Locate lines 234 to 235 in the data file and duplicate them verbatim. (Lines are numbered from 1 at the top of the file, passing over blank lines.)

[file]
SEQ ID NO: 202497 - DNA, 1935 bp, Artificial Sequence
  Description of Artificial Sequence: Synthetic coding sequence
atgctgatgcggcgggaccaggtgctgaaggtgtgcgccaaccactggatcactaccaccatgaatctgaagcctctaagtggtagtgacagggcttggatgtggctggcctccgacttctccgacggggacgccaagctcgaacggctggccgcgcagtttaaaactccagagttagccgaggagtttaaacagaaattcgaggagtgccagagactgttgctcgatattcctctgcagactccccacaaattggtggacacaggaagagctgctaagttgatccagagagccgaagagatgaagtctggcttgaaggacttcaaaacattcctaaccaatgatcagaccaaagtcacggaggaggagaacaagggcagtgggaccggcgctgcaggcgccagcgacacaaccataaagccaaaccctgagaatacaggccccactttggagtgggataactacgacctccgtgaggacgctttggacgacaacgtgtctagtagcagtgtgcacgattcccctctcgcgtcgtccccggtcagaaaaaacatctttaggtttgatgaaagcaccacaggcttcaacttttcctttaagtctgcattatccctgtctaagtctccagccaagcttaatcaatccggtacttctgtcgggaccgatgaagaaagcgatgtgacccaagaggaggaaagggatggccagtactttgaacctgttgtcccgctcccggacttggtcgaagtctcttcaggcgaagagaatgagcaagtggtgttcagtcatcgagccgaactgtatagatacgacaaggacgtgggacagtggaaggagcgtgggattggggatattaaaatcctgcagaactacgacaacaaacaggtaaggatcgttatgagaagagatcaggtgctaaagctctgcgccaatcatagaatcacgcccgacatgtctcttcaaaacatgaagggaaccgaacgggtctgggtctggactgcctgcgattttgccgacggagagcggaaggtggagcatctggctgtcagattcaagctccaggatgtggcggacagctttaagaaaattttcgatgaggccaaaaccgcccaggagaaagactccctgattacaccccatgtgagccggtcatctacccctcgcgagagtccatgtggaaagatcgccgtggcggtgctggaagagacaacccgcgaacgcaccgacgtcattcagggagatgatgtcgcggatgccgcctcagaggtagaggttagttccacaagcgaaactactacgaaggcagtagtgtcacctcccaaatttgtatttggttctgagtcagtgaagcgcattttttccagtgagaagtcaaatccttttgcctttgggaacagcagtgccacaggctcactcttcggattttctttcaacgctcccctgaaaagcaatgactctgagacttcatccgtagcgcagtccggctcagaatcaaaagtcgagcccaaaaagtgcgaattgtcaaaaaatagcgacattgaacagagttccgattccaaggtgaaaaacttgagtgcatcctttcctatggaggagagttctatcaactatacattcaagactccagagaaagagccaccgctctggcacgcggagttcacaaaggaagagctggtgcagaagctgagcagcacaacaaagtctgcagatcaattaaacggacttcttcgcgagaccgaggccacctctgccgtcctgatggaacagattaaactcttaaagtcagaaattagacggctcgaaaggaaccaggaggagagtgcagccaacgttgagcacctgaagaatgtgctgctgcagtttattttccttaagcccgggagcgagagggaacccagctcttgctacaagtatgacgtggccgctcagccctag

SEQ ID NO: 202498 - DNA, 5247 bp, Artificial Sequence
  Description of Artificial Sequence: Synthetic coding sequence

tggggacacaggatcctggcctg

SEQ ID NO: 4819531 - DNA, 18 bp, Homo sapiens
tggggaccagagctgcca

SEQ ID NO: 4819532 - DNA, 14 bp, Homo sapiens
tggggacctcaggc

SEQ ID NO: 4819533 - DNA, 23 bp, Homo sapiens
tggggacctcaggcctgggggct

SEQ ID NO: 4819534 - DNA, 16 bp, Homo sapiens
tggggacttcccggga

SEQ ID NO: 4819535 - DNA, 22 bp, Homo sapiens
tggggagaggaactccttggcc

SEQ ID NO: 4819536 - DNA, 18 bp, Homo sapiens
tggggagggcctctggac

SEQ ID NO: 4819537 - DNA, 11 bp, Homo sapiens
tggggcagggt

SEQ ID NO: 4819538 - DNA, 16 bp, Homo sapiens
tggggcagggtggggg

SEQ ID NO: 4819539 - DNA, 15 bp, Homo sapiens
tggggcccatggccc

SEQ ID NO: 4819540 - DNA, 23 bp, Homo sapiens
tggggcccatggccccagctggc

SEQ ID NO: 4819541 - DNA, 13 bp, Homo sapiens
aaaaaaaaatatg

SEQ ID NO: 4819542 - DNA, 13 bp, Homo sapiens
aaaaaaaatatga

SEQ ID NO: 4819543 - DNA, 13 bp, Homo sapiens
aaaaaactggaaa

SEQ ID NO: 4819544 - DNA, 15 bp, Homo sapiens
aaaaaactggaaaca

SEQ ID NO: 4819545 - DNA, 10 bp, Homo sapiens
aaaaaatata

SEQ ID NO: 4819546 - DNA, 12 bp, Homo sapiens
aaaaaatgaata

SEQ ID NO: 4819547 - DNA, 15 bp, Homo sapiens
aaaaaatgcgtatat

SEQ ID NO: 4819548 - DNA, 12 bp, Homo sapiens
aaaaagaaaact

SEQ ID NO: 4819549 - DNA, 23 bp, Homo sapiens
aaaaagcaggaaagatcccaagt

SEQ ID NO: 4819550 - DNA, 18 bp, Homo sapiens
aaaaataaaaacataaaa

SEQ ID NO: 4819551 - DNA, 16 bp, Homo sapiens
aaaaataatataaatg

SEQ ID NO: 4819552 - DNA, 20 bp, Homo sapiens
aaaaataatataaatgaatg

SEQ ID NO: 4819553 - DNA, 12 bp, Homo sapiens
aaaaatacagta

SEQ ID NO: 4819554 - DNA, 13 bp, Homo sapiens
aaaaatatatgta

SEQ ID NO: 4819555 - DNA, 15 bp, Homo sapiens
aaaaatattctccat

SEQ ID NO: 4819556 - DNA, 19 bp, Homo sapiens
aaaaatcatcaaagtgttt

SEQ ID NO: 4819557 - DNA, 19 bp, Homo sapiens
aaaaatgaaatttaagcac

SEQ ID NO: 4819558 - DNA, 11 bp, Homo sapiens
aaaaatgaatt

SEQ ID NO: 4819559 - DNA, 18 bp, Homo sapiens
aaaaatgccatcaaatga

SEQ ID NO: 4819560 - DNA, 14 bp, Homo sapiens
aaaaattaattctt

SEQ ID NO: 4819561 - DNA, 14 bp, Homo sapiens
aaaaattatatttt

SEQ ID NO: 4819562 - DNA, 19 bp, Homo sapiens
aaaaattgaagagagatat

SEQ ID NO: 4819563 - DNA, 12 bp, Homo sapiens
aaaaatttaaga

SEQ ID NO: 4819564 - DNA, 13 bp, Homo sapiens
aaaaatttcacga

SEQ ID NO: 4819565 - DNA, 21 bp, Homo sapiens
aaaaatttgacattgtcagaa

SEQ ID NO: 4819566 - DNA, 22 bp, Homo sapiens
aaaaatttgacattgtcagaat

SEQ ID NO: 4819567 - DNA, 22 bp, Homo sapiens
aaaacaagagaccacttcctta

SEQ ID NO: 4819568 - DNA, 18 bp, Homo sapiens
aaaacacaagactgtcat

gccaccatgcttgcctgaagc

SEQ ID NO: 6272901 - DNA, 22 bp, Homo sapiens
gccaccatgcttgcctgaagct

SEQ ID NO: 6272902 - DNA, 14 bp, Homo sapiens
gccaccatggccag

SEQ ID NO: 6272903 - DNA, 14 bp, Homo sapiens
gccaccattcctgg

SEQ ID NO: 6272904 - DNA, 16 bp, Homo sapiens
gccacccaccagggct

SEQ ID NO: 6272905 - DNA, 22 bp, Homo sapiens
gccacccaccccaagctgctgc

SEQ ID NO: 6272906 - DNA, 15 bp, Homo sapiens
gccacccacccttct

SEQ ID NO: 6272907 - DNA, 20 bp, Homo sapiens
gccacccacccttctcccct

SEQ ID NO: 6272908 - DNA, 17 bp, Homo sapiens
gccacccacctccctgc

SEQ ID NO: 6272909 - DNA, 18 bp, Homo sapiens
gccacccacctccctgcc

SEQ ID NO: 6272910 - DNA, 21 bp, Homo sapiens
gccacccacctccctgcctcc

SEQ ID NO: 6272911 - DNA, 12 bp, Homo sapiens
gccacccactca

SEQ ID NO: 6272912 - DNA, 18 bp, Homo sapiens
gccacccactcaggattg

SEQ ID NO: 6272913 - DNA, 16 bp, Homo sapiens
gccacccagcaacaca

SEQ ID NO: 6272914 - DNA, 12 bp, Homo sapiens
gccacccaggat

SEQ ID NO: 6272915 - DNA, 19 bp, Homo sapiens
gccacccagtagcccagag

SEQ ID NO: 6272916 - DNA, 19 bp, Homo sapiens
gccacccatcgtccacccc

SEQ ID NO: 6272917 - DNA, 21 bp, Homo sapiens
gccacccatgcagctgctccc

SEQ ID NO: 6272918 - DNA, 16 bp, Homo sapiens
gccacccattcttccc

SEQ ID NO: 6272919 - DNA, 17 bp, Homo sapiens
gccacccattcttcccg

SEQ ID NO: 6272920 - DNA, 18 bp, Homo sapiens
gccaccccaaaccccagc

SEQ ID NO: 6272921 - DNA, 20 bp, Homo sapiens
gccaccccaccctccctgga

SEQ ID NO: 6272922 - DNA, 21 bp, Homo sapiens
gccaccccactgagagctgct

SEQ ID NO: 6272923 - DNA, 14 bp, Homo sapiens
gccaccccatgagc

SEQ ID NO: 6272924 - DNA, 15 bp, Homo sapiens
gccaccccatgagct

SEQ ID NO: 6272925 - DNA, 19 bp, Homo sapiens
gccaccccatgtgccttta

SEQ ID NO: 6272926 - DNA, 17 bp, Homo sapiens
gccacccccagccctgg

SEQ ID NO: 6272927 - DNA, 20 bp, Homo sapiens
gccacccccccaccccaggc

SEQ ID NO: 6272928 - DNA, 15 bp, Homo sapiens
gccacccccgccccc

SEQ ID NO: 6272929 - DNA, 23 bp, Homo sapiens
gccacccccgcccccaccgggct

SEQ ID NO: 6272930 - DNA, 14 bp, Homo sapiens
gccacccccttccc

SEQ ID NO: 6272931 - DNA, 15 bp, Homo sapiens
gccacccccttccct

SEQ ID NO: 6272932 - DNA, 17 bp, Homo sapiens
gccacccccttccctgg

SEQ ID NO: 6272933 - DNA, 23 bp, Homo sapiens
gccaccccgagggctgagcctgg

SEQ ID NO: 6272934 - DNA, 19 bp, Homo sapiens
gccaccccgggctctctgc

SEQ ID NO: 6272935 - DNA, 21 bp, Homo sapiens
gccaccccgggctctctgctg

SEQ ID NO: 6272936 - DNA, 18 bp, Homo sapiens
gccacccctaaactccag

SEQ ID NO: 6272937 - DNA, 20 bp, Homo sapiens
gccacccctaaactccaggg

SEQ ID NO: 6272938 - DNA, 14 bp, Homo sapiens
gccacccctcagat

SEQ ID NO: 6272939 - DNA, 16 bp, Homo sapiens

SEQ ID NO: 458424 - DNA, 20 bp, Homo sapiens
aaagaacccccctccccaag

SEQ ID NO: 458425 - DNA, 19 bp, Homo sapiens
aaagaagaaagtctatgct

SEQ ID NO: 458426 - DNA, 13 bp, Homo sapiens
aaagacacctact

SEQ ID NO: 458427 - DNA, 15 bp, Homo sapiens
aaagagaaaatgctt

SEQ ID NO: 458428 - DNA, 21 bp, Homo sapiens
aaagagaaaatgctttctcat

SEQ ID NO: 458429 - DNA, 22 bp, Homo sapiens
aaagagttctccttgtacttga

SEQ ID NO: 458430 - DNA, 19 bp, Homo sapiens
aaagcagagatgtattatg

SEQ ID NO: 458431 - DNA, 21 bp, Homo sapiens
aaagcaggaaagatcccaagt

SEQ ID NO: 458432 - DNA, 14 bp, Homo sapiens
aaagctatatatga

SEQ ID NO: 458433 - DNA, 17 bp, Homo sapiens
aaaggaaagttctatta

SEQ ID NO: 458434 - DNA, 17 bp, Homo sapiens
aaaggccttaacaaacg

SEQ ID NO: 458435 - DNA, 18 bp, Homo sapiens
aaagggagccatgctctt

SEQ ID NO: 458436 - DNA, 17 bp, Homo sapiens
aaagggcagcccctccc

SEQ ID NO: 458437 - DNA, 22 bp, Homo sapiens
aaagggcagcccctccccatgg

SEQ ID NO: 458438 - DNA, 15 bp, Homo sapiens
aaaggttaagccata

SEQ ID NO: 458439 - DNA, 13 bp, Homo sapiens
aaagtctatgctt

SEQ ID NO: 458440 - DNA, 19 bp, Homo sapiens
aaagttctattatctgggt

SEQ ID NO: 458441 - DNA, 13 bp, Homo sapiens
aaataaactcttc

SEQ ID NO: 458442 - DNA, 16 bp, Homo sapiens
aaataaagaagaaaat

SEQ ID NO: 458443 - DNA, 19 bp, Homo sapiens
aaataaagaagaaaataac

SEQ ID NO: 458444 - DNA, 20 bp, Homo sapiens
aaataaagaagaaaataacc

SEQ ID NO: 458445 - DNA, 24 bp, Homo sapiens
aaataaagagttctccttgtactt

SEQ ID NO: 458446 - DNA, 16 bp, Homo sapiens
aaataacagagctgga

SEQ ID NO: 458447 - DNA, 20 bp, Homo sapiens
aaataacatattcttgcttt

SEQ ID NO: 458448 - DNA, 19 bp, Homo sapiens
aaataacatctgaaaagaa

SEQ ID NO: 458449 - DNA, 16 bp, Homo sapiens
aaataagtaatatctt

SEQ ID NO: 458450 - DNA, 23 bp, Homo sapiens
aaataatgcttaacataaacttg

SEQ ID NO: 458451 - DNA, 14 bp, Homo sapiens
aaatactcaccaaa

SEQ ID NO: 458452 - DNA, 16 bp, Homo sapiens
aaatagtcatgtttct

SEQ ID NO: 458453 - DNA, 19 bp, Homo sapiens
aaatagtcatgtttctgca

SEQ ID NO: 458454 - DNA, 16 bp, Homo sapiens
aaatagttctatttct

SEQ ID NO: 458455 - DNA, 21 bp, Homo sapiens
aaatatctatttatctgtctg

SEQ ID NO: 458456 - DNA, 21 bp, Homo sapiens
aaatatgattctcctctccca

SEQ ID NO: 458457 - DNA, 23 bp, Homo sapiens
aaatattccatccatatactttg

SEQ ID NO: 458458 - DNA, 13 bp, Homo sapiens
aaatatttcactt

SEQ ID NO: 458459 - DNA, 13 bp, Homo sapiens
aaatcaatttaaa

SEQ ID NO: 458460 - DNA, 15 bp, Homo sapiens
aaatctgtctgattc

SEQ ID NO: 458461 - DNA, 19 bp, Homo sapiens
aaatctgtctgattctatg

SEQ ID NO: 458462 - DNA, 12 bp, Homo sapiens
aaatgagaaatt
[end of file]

aaatctgtctgattc

SEQ ID NO: 458461 - DNA, 19 bp, Homo sapiens